Logansport Pharos-Tribune from Logansport, Indiana on January 29, 1895 · Page 2
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Logansport Pharos-Tribune from Logansport, Indiana · Page 2

Logansport, Indiana
Issue Date:
Tuesday, January 29, 1895
Page 2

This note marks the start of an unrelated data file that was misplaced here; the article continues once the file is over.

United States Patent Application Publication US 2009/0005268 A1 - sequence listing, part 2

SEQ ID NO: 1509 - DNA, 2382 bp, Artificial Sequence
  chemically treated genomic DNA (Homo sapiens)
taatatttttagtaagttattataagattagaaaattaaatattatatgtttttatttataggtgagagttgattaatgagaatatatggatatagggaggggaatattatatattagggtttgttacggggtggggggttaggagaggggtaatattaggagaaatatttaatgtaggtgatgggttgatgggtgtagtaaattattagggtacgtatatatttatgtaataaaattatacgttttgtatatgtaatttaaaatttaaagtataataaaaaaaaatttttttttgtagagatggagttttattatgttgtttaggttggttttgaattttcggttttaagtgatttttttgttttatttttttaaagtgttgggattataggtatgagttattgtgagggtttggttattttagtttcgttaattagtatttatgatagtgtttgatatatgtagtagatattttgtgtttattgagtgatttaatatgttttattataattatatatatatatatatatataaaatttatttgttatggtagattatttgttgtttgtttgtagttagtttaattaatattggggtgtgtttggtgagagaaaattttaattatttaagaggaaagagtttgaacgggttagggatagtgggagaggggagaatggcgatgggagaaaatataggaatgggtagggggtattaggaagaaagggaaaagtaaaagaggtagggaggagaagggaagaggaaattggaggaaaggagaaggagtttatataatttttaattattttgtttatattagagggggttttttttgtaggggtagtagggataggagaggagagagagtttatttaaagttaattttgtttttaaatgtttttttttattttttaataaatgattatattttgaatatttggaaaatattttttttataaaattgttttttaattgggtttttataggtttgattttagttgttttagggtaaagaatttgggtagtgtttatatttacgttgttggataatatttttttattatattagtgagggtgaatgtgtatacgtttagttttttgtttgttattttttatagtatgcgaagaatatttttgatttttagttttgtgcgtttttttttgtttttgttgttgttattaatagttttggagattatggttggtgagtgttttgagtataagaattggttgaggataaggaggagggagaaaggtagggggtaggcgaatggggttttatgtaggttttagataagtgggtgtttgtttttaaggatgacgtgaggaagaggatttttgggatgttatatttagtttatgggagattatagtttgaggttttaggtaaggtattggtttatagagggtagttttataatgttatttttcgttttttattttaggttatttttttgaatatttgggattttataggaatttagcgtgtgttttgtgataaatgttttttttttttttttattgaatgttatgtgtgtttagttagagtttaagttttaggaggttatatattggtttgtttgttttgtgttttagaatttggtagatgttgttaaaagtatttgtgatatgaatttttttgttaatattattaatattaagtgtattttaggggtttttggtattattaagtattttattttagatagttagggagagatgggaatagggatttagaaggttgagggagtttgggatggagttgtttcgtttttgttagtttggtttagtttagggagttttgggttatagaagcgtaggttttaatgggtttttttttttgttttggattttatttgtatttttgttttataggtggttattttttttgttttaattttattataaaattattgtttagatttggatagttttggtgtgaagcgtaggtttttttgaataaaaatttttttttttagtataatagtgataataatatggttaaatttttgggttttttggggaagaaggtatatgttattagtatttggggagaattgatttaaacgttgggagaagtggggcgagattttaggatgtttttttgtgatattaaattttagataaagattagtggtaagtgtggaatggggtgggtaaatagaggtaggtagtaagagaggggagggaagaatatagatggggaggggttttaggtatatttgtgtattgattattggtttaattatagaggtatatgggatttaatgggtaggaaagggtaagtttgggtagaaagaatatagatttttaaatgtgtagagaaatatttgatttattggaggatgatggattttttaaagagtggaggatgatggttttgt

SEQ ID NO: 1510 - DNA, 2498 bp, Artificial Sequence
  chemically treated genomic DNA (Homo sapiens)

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Straight to the Point. Words That Out tike Blades of Steel. A l*ower Which Nothing 1 Living Can Resist. SPKINGEfTS BILL. W4\ T T WAR T \ £\.i\ J, > 1 iiJLl. Designed to Carry Oat the Eecom- Country Eager to Take Up Arms mendations of the President, Against Guatemala.' Men anrt Women Bow Before In Silent Awe and Admiration. It I" j. Many pernouH ordinarily of ftronp ent will if«-l llieir conscience mnit'e thi-iii when they think what they niigi t n.ve been, had they but taken i lie odvicr of those who kuow from experience. Mrn, Florence Taylor of 4 Courtland Pluce, Brid^i-port, Conn., Bpfokn htruifjht lo the point when »he tells of the frightful suffer!- n tho has endured and how hhe was saved by tlio wonderful action of Dr. Gruerif'H Ncivura blood and ,. perve remedy, tho i ruiitent inediciue ever known to wculc, tired, ex- haui-ted and ni-rvoua humanity. Bead the fi.llowinj,' letier written •with iin ov{'i'flow.irij* he.irt, aiid a pen that can honestly proclaim miracle-. "For four years I had been troubled •with nervous d«bili'y aucl hysteria in a mot-! H.s.'crivaff-d form causi. g uleepleH-nens and mental d'-pre-Kion. at oiH) time [ feared bio d poiucmiiip. For months I was <;oulined to the bod. My constitution wasted and I totally lo t my ajipet ite. Doctors, nf •whom I hurl many, failed to give me any relief. La-t September I wns adviued to try Dr. Greene's ZN'ervura blood and nerve r-iuedy. Favors Issue of Bonds and Payment of All Import D.uties In Gold— Sugar Discussion. Wealthy Citizens Ready to Give Financial Support—President Diaz Anxiuus for Peaco. MKS. KLORKNCK TAYLOtt. I did HO, mill the alniOMt iniinediate ohango it wrongh 1 : was wonderful. I .regiiineii iny uppetire, the dizziness in my hnad depiirti'd.iny nerves were made strong, it renewed my interest in ]'\(>- nncl uinde me feel, in fact, like another woman. "After tnkln,' six bottles I thank- fa] ly proclaim myself well and strong. Those six bottles or Di- Greeuo'8 Js'urrnra blood and uorve reujHdy did for me what hundreds of dollars atn.1 numerous phy-n'einns failed to flo. I cnnnot d i credit to its merits. TmU it should be lauded to the skies. I advise everybody to take it " Think that letter over, sufferers. If you hiivo weak serves, tirod bodies, bad blo< d or ind'gestiou, h»ve worked too hard and tiro run down, try the best medicine in the world for these conditions, Dr Greene's JS'orvnrn blood aod nerve reaaedy. It will cure you. It gives health'and strength to everybody. . It is the j:rea.t discovery of Dr. Greece, of 35 West 14th St. New York City, and is perfectly harmless. The Doctor is the reost successful ipeeialis-t in curing nervous diseases. lie can.he consulted free, personally Or by letter, tu.d this frtot places his great reuiedj' above all other inedi- cines. ' . •if, Jan. 28.—In the house Monday Mr. Springer (dem., 111.) introduced a, bill designed to carry out the recommendations of the president in his message to congress. Tho bill provides for tho issue of 3 per cent, bonds payable in gold, fifty years after -date; for the redemption and cancellation of legal tender and treasury notes; allowing national banks to issue circulation to an amount equal to the par value of the bonds deposited; for the ret ice me nt of silver certificates in denominations larger than S10 and for the issue of small notes in their place, and requiring payment of all import duties in gold. Tlie Nicaragua canal bill was received from the senate and referred to the eoiniiiiltiie on interstate and foreign commerce. The president's message on the financial situation wits referred to the committee of tin; whole. Mr. Springer, of Illinois, offered a- bill to carry into effect the recommendation of the message, and it'was referred to the committee On banking and currency. Tho house then went into committee of the whole on the bill repealing the dift'urcntiul tenth of a cent duty on bounty sugar, Mr. Dol/.ell (rep., Pa.) speaking in opposition to it. Suirur the Thcinti. \VAMHI.NUTON-, Jan. 2S.—Tho house- Saturday entered upon tho consideration of the bill to repeal tho differential of one-tenth of one cent per pound imposed by the tariff uct on sugars imported from bounty-paying countries. Mr. Wilson (dem., W.Va.), chairman of the ways and means committee, opened the debate with an argument, in which he introduced all the correspondence between the German ambassador and the slate department on the subject, including a letter not hitherto published, in which Germany expressly disavows retaliation against the United States for the imposition, of this duty when she excluded our meat products. It is thought a vote on the bill will be secured Thursday. There was a lengthy discussion. Gurmiuiy'tt Position. In opening his argument Mr. Wilson read the correspondence between Secretary Gresham and the German ambassador relating to the protects by Germany against the adoption of the differential duty, and to the prohibition by Germany of American cattle and meat products. The latter stated that the action of tho German government in excluding American cuttle and meat products was not intended to be retaliatory, but was based exclusively npou sanitary grounds, arid that the United States was being treated exactly the samo as all other countries in which diseased cattle are found. Tall;** ou Financed. When he came to discuss tho financial bearing of the bill the chairman of the ways and means committee aroused the ironical laughter ot republicans and the enthusiasm of democrats, lie declared there .was no danger that the treasury would default in the payment of expenditures of the government; that it could,under present conditions, stand a deficit of SoO,000,000 in receipts this year and still pay all obligations; that revenues were increasing and rapidly approaching a point where fcbey would yield a surplus; and that the present tariff bill would provide sufficient revenues for- all purposes. He advocated the repeal of the ditty because it was right and just to do so, because it was a peotective duty levied for the benefit of the sugar trusts und against the interests of the consumers; because it would relieve the irritation i of. foreign governments, and because I the revenues arising from it were not needed. How Thftj- Struck Her. People have long- censed to be surprised at any abnormal development of '•• tho sleeve, which seems to increase in size every season, but 'it is interesting just now to note how fashion has also attacked tho neck—which is being muffled up with bandages, politely colled "stocks." and then ornamented with full rosettes, largo bows, bunches . of material, etc., which to the uninitiated suggest a very bad throat of some kind. An old auntie from the coxintry was present .it a fashionable luncheon party given by her niece. She was a humorous oW soul, and was seen to chuckle silently us she took in the assemblage. "What, is it, AuntMartha?'' asked one of the family, desirous of drawing her out. "Laud sakes! Mary Alice!" she exclaimed. "I had heard of the sleeves ami expected to see them queer, but what do you 'spose is tho reason that all of, your girl friends have 5fot the mumps?"—i">. V. Tribune. I :t IJ.iys Jo Couu 1 . "It's awiVIly lonesome at home, Mr. .. Xcxdur, ( t!ioi:jrhl I'd run over and sec •yon :i little while. Anything new?" "><"o, except that my wife has joined a new dub. That's where she is now. You won't mind, Mr. Kayber, if 1 keep right on wn.sl-.ing the. dishes? It's Patrick's evening out."—Chicago Tribune. I'.xavt Doflnltlon. Minnie—What do you understand by ' the term "pl.itonic nffeetion?" Mamie—It usually means that the young 1 roan feels that he c:in;iot ;;f! i *»' to raarrj".—Indianapolis Joanwl. Mr. Hopkins (rep. 111.), immediately gave notice of an amendment he would offer at the proper time in the shape of a proviso Unit the duty should remain in force as against any country or dependency of any country which dis- crimated against the United States, and Mr. Mycr (dem. La.), gave notice of un amendment to increase the :id valorem duty on all grades of sugar from 4(5 per cent, to 50 per cent, ad va- lorem. • Mr. Hepburn (rep., la.) gave notice of an ameudmeut'he should oft'er later. It provides for a tax of one dollar per ton on vessels owned iu whole or in part by subjects of any'foreign government entered at any port of the United States. This shall apply only to the vessels of such nittions as shall, in the judgment of the president, make any trade or commercial or police regulation •which prohibits or unfairly impedes the entrance or sale of any food or farm product exported from the United States. Vice l > rt i slclcot Stevenson lliick. 'WASHINGTON, Jan. 2$.— Vice President Stevenson, who had been absent from Washington for the past few weeks', on account of the illness and death of his daughter, presided over the senate Monday. Tho vice president laid before the senate a message from the president of i the United States calling attention to ! tho financial conditiod of the treasury, and it was referred to the finance committee, on motion ot Senator Sherman (rep., 0.). ,^ . By. a voX'< • f 29 to 24_the bankruptcy bill, wh?';'-'" Vns the order, was laid aside 3* : \bill for the removal of ^fte Indians to Utah was \eussed. CITT OF MKXICO, Jan. ->*.- The Fourth battalion of infantry is making preparations to move from this city, its objective point being Acapulco, on the Pacific coast, where it will be held with the other forces now there for tho transportation by sea for the Guatemalan invasion, if so ordered. Francois Varona Munis, the r^bari journalist who made such a vigorous attack upon Mexico in connection with the reception of the Guatemalan minister by Gen. Diaz, is supposed to have left Vera Cruz Sunday by steamer for Havana. Several influential newspaper men of this capital made petition to Don liomero Kubio, secretary of state, risking official action against Muras. learning of the matter Munis quietly left town without lighting any of the numerous duels which he had returned to participate in. Appearances are that the pending Guatemalan war will not be as expensive to Mexico as was tit first thought. The government lias received many proffers of aid from wealthy citi'/.ens of the republic and the majority of the people are so enthusiastic iu their promises that these items, with the numerous individual state appropriations, will very nearly relieve the treasury department from expenditure of an extraordinary nature. The country is ready and willing also for a special war tax if the government finds this necessary. Uluz MuKvit it Statement. CITY OF Mnxtco, Jan. 2s.—President Diax. arid Foreign. Minister Marical. have had a long conference over the Guatemalan matter. When interviewed neither President Diaz nor the minister would give any information. As to the various reports published by the press on the president's speech, President Diaz dictated the followin to a reporter: "I comply with a duty Instating that til '.hough It Is true that tho government, l.s en^-a^ed iti a serious and delicate controversy of a diplomatic nature, which. If not hunUIed with correct, lORlcal and honorable means, m;iy lead to u war, anil, ulthoufth It la nlso true that we tiro not yet on tho vorjje or war, because honor. Rood fultli and lo^lc constitute tho programme of tho government und be- ctuiso It has no right, to force any other course upon its adversary, the government believes and has practically demonstrated the belief for several years, that tho f;-eatObt blesslns we oaa offer DO our country Is the present period of reconstruction and uappy und vlniblo development of peuoo. und declare that It will only allow It to 1)0 interrupted wlien cm unjust and pertinacious a^ressor insists upon infringing upon its well-established rights und assailing the national honor und docoruui. "In such an event, which I hope will not bo realized, the covertmiout will confront tho situation with truo fnith und energy, Inspired by its duty and Its right. The government accepts, holds :n estCL'm und wCl i;.so with economy what you so patriotically of/cr. Wo soldiers of cuo generation now passing away feel our blood tingle when wo think that we may bo able lo buptizo in .1 war. every way just on our purl, the generation coiiilni; on, in whoso luind we arc t v ol:i,7 to loave our country unu 1 Its fate," .Ri'liiMSN Undo Sam's OrTei*. WASHINGTON, ,1an. 28.—War between Guatemala and Mexico seems inevitable. Guatemala can only prevent it by complying with the demands of Mexico, and this it is apparently un- willingtodo. Mexico will not arbitrate. Tho efforts at mediation by the United States have failed. From absolutely reliable authority it is said Mexico has politely but most positively declined to entertain the suggestion of the United States state department that the difficulty be submitted to arbitration. The reply was received at'the state department late Saturday aftornoou and read to the president by Secretary (Jresham Saturday evening. ]t was a disappointment to the administration authorities, though probably not a surprise. - The Trouble. The question, at issue between the two countries is one which easily admits-of arbitration. Briefly stated it is as follows: • . A 1 troaiy : signed at tbe City of Mexico September 27, IBSi', defined the boundary between Mexico and Guatemala .from the Atlantic to tuo Pacific, -which had been In clisputo for rr.ore than half a century, and provided that a mixed 'commission should marl: tlie lino with suitable monuments. When this commission reached the Usuinacinta, one of the boundary rivers, it was found that the data furnished by Scnor,Irunpuray. an engineer sent by Guatemala to survey the line before tho treaty was made, svore not accurate, bocaiisc, according to his maps and the treaty based upon them, tho Usumacinta river was place* considerably abovo Its actual course. This left in Mexico a very important part of what had been considered Guatemalan territory. - Tho government of Guatemala held that tho Usumaclnta river began at a point nun- miles below that designated in the treaty, aud that tne actual boundary line ouj;ht to be the Chixoy river, situated several'miles west of theUsumactnta. The governmeut of Mexico accepted this proposition as a matter of equity on coalition thsc no further objections should bo raised by Guatemala u>. the marking of tho boundary line- i Pending tho murldng of this boundary, however, there has been frequent disagreements and delays in the worl;.s- ConcesMona have been made by both so.vemments for ti-.a r.uz- Born a Genius Dlsease Threatens to Cut Short a Noble Career ; But Hood's Sarsaparllla Restores i Good Health. j Ulll« May Bentley Is an accomplished eloan- tlonlit and natural born speaker of only 12 ycmr» of »ge. She la tlie only child tcmperanc* leav urer before tho public. Her ceulus, how.ver. did not exempt her from an attack of & dbeut of the blood. Herown words best tell tho story i 14 C. 1. Hood &• Co., Lowell, Mass.: "I heartily join with the luaiiy thousands thai »re recommending Hood's Sarsaparllla. 1 had been troubled from infancy with catherln-s In tho head. 1 was compelled to leave school upon UIH doctor's advice. )k\ thought it was theonji thluj; to save my life, bull ' Continued to Crow Worse. I was persuaded finally by a friend to try Hood'i Barsaparilla. The use of one bottlo acted of. Hood's Sa ;>Cures fectlvely upon tlie blood and I begin to Improve. After tlie USB of tlirea bottles flic K-itAering ceased and I am cured of my former trouble I owe my life iuid will always remain .1 true friend LEV, SheDyvIlIe, 1 Indiana, ' Gec^IodixSL Hood's Pills act e;ully, yet promptly und •fllnltutly, on the liver and bonels. a^u ting or mahogany, and (lu'ntetnala at last L'OW- ly entered upon tue area In dispute., destroy* d Mexlunn camps, und h:u occupied it with an arniotl force. Mexico now demands Hie area, and furthermore insists that Guatemala shall u'iilulr.tw In troops uiiil pay an Indemnity for injuries alleged m luivc been in- Ihclod upon Mexican riti^.ei;s. AN ARTIST'S L'mtblo to IJniw INSPIRATION. In tho rictnro Kxircpt Prericiicii *>f 11 Ortaln I'l£nr< 1 . W;i!t,er Burridgc, the artist, tells a good story on himself and proves it by showing the blank spuce on the wall where the picture, one of the accessories of the tale, used to hang. lie went one day to the studio of a friend and found there :in uuatomicnl figure, such as are to he seen in studios everywhere. It was.n trood one. and Burridg'c wanted it, for his own had hccn broken. He expressed a. desire to have it, but the artist friend wouldn't give it up for any money. • It was his inspiration, he said. lie needed it even for the composition of a letter. And as for drawing- anything in the human fig-lire without it,, that was simply hopeless. He couldn't spare it. So Bm-rids'c went away, lint another day, while in tlic same studio, and in the absence of the owner, a third artist, who cornm-only shared the place and worked there, said Burridge could have the raodel if he wanted. Tho owccr bad concluded to get along without it. «. And about an hour after the owner came back. lie sat down and tried to draw a wag-on. Hut he couldn't. Uc tried to write a letter that had long- been overdue. But he could not get his thoughts tog-ether. "Something- is gone." said he. "I can't do anything-. I have lost something-." "Maybe it is'your brains," said tho man who shared his room. "Burridg-o has been over." "The lig-urc!" cried the artist. "That's it." And he started out. When he came back he broug-ht not only the figure, but a water color sketch as well. It had taken Burridge days to complote the picture, and it marked one of the pleasantest events in his sojourn along the Grand canyon of the Colorado. But it squared him.—Chicago Herald. SHORT SPECIALS. Sprockels Bros, have subscribed S700,- 000 to the Valley rood of California. Broekwell May, who settled in Michigan in 1S3-1, died at Kalamazoo. He i was DO years old. Harvey Booth, a wealthy Wyoming- cattleman, was found murdered in his barn near Evauston. Harry Semple, a Philadelphia bookkeeper who abscoaded with Si,500. was The recent fall of SHOW has caused renewed activity in the lojrginy; camps in Michigan and Wisconsin. A company has been formed at Ashland, Wis., to build a road from that place to St. Paul and Minneapolis. Elmer Zane was killed and his wife seriously injured by the blowing down of a building in Green Springs, 0. Four Mexicans are under arrest at Santa, l-'e, X. M., charged with murdering-a stockman and burning- his bodv. John Snyder and Bridget Mmphv, on their wny to chureh in Coultei-ville, 1'a., were killed by a fast train. Senator Hill reviewed the policy of the democratic party in a speeeh at the dinner of the democratic club in >'L-\V York. 11oll\- Werner, L'-' years of a^re, eoin- uiitiui.1 suicide iti l/ove, Livesav vt Oo.'s .store at luilla. Mo., by swallowing- (eu pi-aiiis of strychnine. Speaker Kerry and Senator ^Yoo^^ru(T have reMifrneil from the Wyoming- h>;ris lature because their constimeiils ap pointed a committee to lobby lor stale college. The unknown man who died by falling fromli train near Detroit, Mich., ha* been identified as Kev. llenrv Liebhart. ». 1)., of tho Methodist" Book concern, Cincinnati. Ex-County Treasurer Clump, of I'ort Angeles, U'a-sh., who \v:is arrested on a charge of embex/.leinoiit of S3.000 county fluids, escaped trom the oilicers, and is at large. Frank Lan-abce, the Chicago electrician who cut, the throat of his fickle mistress, Eth'c King, last October, was found guilty of murder in the first degree at San Francisco. His sentence was li.xcd at life imprisonment. BUFFALO, N. V., Jan. SS.—T). E. Morgan, Son vt Allen, extensive house furnishers and interior decora tors, have assigned. They confess judgment jn the sum of ;?<i7,7]U. Hard limes are responsible for tbe failure. The lirm \v:us generally considered strong. THE MARKETS. CHICAGO. Jan. Jg f'Loun—Was dull and easy. Winter I'nt- euts. ji5032.r!5; stni.ii,-hts, S2.35SS2.00; clears, iSS.J5-t2.SO: seconds, u.00®2.00; low grades. -jl.OO ©LST). Spring—Patents, 53.20^3.50: straights, $i20fJ2.SO;'hul ;'S'. SI.'JO^-! 2J; low prsirtcR, JI.73 (5,1.80; Red Dog, fl.C!>$tl.7j: Kyo. SS.30Si2.jo! WirKAT—Active, unsettled and lowur. . Ko. 2 cash. 19/i@50!4c; Januurv, 40Jiu.W:ir.: May, COHN—Active and weak. Xo. 2 and .N'o. 2 Yi-llow, -Wiifc; Ko 3, M|i''S^Oc, and No. 3 Yellow. <02HO;.io: May, 'li?(i©.|5iie; July. M'ity -J5Mc; riC])temUcr, MH&I57H. OATS—1-^alr trading and lou-er. Cash No. 2,290; .May. aOJi-i'.'OJiC. Sample.-, easy; supply small No. 3. :WJt31c; No. 3 White. MH'WJc; No. 2. 20!4ffJ2fl?iCj -N T 0. 2 White, 3-'Si,32;ic. HVE—With other markets v.'fialc. ]vyc li»'ld steady. No. 2 in store, 50c. Sample lots, r,j^ CI!-ic; May delivery, BI'/iiaT'Sc. UAHLEY—There Is only a small supply and what little tlicro Is eomlns sells. Common to 1700(1 No. -1 i:t .|8a5'.'c; No. 3 at 50£;. r >J!ic. and No. 2. aboti 1.1>1 \ S&. r )5c, MESSI'OUK—Trading was mo<3.oraiel.v nctivn. Prices higher. Quotations ranged at f 10.32'.;© 10.50 for c-sh regular; $l0.3-.>;^aiO DO tor January, ami JI0.5r:4(S10.75 for May. LAHU—Rather active and steady. Quotations ran^:d at iS.52',i'^O.. r >7V3 for cash; Sfi.52i.i itO C>"14 for January, and }a.7(xao.75 for May. LIVK POUI.THY—Per pound: Turkeys, WTfCc; Clilcltuns. 0«<a7e; Ducks, s@9i'; Geese, per d07..,lf3.0n©0.00. BurrEK—Creamery, ]2;23c: Dairy, SS,-'Oc; P.-iei;In(,' Stock. SS.Oe. i—Headlight. !75 ;est. R</,c; Gasoline. S7 lOc; 7-1 dews. 8c; Xaphtho. C3 dcs's, 7e. LIQUORS—Whisky quoted steady at $1.2:2 per 'or hIffliwines. KNOWLEDGE Srings comfort and improvement and »"bds to personal enj^vment when ighily useu. The many, vrho live bet- *u- than others and enjoy life more, with »-s8 expenditure, 17 more promptly .dapting the world's bt>st products to ho need* of physical being, will fittest ru- value t<> health ot tlie pure liijuiii principles embmced iu tbe Syrnp oi Figs. Its excellence is title to its presenting ". tlx.' foni. most acceptable ,i:itl jilwu* .lit. to thv- taste, the refreshing-and truly x'iieSci:il properties of a |>erleci lux- •.live; eili'fti::i!!\ ole.-jnsiiig' the system, Msni-liing t-oMs, headache.* ;nid fevers • !-d permanent!}' pining oiinstipation. ' h:isj{' Vl ' n s.'Llisf;i'. iioi; ID millions :ind <u'l with -the. approval of 'he niediua! •r<if<?ssinn, K'c:u:sv it net-" on the Kid••.•>•>, Livi-r anil Bowels without wr:ik- .•iiiijr them .nut it i< perfectly tree from MTV objecti.mnWe snlist.-uice. •\vrup in" l ? i:.-.- i< lor s:ilc by ;ili drng- i-t> in /iOc :n.;i ?l bottler., bin it it> in;<n- i'':ieiured by i!n- California Fij; tfyrup '>,. •''»!.>', ivhnse mime is printed on every •;ii-l::>;_ r o, :).l"o tin: tiitme., ?y'.up ul Fins, ,mv MiJiMfitiM.. if oil'*'™* Wflt-tniDY The: i?e tiny Capsules are superior to Ralsnm 01 Copaiba, x"^N Cnlebs or Injections and (M1DY CORE IN 48 HOURS \T!/ the same diseases without inconvenience. Sold by all druggists. FUNERAL OF LORD CHURCHILL. Interred at Blenheim Fnrk — .llomorlal Service* at Wcotmljistor Abbey. LONDON, Jan. 28.—The interment of the body of Lord Randolph Churchill took place at lilcnheim park, Woodstock, Monday. The queen,' the prince of Wales and the emperor of Germany sent representatives to the funeral and there were also present deleg-ates from the various conservative associations and a- number -of members of the house of commons. -:A memorial service, was held, in Westminster abbey Monday. The dean of Westminster, Very Jiev. Georg-e Bradley, D. D., 'officiated, assisted by Canons Duckworth, Farnir and WiJberforco and the full choir of the.abbey. NEW YOUK, Jan. at. and western Quiet, weak. WHEAT—No. 2 reel advanced !ii3!4c on firmer west and foreign buying; fell Jtal^o on easier cables, local liquidation and -weaknr west, May (,'Oini; 5-10o below the record; fairly active and irrcyular. February. 5SX<:: Marcn, 579-la &5"?j;c; May, OS 1-IGQSS 9-10o: June, 5bi'j(ii riSXc: July, 5a;iG59c; August. 59;ic. COHN—No ^ quiet, flnncr. May. •HJJia-jli'sc; N'o. i>, ^8^'<a505jc. OATS—No. - dull, firmer. February, 34e bid: May, 33?^c bid; State. yrQ4tl:: Western, 3411&40C... - BEKf—Quiet. Kxtra mess, S7.SO.5s.On: taat- ily,SJ:75ai!.2J.' PoitK—Moderate demand, unchanged. LAitD—Quiet, iteady. Steam-rendered, $i].SO. BCTTKR—Quicu Fancy creamery, firmer; Western dairy. 14 t!5c; do. creamery. MSate: do. factory, S&I4c; Elpins."*:: Imitation cream- cry, 10.61 ire; Jane creamery, ]5f{Mc. CHEESE—Quiet, easy. State, lar^c. 0®li;^c; fancy colored, Il^e; do. white', lO-^gllc: do. small, S^&IlJic;;, part skims, 3;;@9c; full skims. 'Jifpiyc. ' Ecus—Fairdomand, bigjier. Western.'.M!4c: limed, - PAP CALENDAR .For * i* * I895 A Desk Calendar is n necessity — most convenient kind of storehouse for memoranda. The Columbia Desk Calendar is brightest nnd handsomest of all—lull of dainty silhouettes and pen sketches and cntcrtaininp; thoughts on outdoor exercise a;id sport. Occasionally reminds you of the superb quality of Columbia Bicycles and of your need of one. You won't object lo that, of course. The Calendar will be mailed for five 2-ccm stamps. Address Calendar Department, POPE MFG. CO., Mention Uih piper. Hartford, Conn. ' nmiiiiiiiiiiiiMM 'TO XOUNG « k ^ % X>~sX~k/v>/V r>> WIVES: We Offer a Remedy Which, Used as Directed, Insures Salrty to Life of .Mother and Chi'ld. "MOTHERS' FRIEND"' Xob9 confineaeat at its Pain. Horror and ( Sisk, as zany testCy. "ily.vrtfe used only two bottles. Sne.< was easily and quickly relieved; is now doles snlcadidly.— J. S. JIOEiOS, Earlovr, N. C. S*nt by esnrcss or rrail, on T*c*tpt of Mrfc*. . »C ?"• N>«l-. Sold br nil Dmg^sti %oot ( ("TOllOTHEltS" molleA tret, RTCULATOE Co^ Atlanta, Qa. , I-lve Stock. CHICAGO. Jan. 2S Hoes—Market fairly active and feeling flrm. Prices 5410; higher. Sales ran^d at S1005> 105 for Pl^s: J3.9J5J135 for liRht;. f-t 1034.23 for roush packini,-; jM-1034.55 for mixed, and H-3.lJj4.60 for heavy packing aad shipping lots. CATTLE—Market rather active. Prices were Sj£lOc higher. Quotations ranged at S4.80S 5.50 for choice to extra shipping Su-ers: JL30J> tre for eood to choice do.: .y.S5 i-1.40 for fair to ;ood: .-53.33it3.00 for common, to medium do.; S!.(JO<i3.GO for Butchers'dtoers; JilOJiOD for Stackers: Si90#3.CU for Feeders: sl.:B7.2.70 for Cows; 3-7033.50 lor He.fera: $1.75^3.75 for Bulls: SJ.753H.00 for Texas Steers, onfl J-i(X(3 iC5 :or Veal Calves. Mtnuird Clilidnn. If your child id uot growing is fitoo'.ed and unhealthy, the c/iuee ^u most likely to foe o-ring 10 the pree- eoce of worma, and unless they are expelled tto child will not improve, but gradually grow nervous, fretful and pale. The remedy to use Is li'ne'. hart's Worm Lozenges. They remove tho worms and iba worm nest. Sold by B F. Keeslicg and Keystone etoro. -When B«br w»» rict •• g*** her Outorfe. WboxtievuBCbJlil.Blifl cried forCasurtk When sne oecamc MJM. it* clung to CuKuvfe, Wben me nod CtDWren, sue (UTetQa KEW YORK, Jan. 27.—Frank Vacsant, the vyell-kuown cartoonist, \vhosc Cartoons are. familiar to evcr^ r bodv. died suddenly from cirrhosis of the liver, with which he had been suffering for some time. The remains of Mr. Vansant were taken to Baltimore, his old home. Althoughbut24 years old, he had achieved a national reputation because of his cartoons for several Xew York duiiies and comic papers. .finny Comity Treasurnm Short. CJIAMEEELACT, S. U.. .Tan. 2S.—The iountj- commissioners of several South Dakota, counties arc havinjr £reat dii- Scultv in settling with otit^oins-conatj' treas-arers. In almost every instance the treasurers are short by reason of having- had county money deposited in banks which failed. GATHERSBCT.G, /:Md.," Jan. 2S.—The building'in'''which was located Fairview seminary was destroyed by fire 1 last nitrlit. causinpr a. -los^ of $13,000 to ' John li. Diamond, the owner, and sev- I Oorsemeut Is-icIJj borne out by popular epe- | eral. thoasand dollars to Dr. Charles rienc f- A ^ Ut ? • nd 5leep sre , boUl tofroTed j M. Waters, principal of the school. . I brUJs J....-,.. >£»*»?*•«" «>™?.''..''•'•'. •-....•'..-.•'-:•:... : ,:-. .'-. '...'•' •::.",:;•••—;.,' * ''::\.".«-<f':\ • • ."•'•"-' ••'•' ' '•' The prospect of relief from drastic cathartics for persons troubled with c nstlpaUon'ls poor I'l'.eed. Tiuetbfy act upon the 6o*e!s, but tills thr-y do with vMenoe, and their opcraiIon tends to »eak™ the IrrUMInes, :md is prejudicial to the 0ost?tt-r J * S;om»ch Bute s Is an Jaiaitv-, b t It n'!thi-r Kfipo-< .'Or en- Furtherrnore. It promotes Digest! naud a r*«a!ar action of tue live" and Kidneys. It is an efficient 'Darrl^fagaJnsta'idremwi/ for malaria] camp aJ. t* sod rbeomatism, and Is 01 great ben eat to tfie weaic, n<rv u.« aa I ajcd. is a rocdlcf nal ftlmuLui: It canr.ot be aurpHSserf. Pfiisldaos cordially recommmd it, and Its professional In- Lack ot HtrrDfth jmd Appetite. This is tbe seatoa when we often feel tired ar d weak, with liitle- relifh for food. The cause ie H. torpid Uver, owlnu to the winter's effect oo tie syiitem. A Jew doaes cf Rioebart's Liver Pills will soon arouse the liver and make you feel strong and like a. oew person. 0»ly one a dose; act pleasantly. Sold by B. F. Keesllog aod Keystone drup Ptore. Children Cry for Pi iicher's Castoria. If vcur cbilC in not growing or ibr'viDg-. siva Ricebari's Wornj Lo- ztrjges. Sold by B. F. Keejling and Ktjstonedru^ etoro. " Children Cry for Pitcher's Ca*toria» If .you lack ece.-^y, arc weak and tired, .take Rrtebari/s Pills. Oce a do»e. Said by B. F. Keeeling acd Keystone druff store. Children Cry for Pitcher's Cas'oria.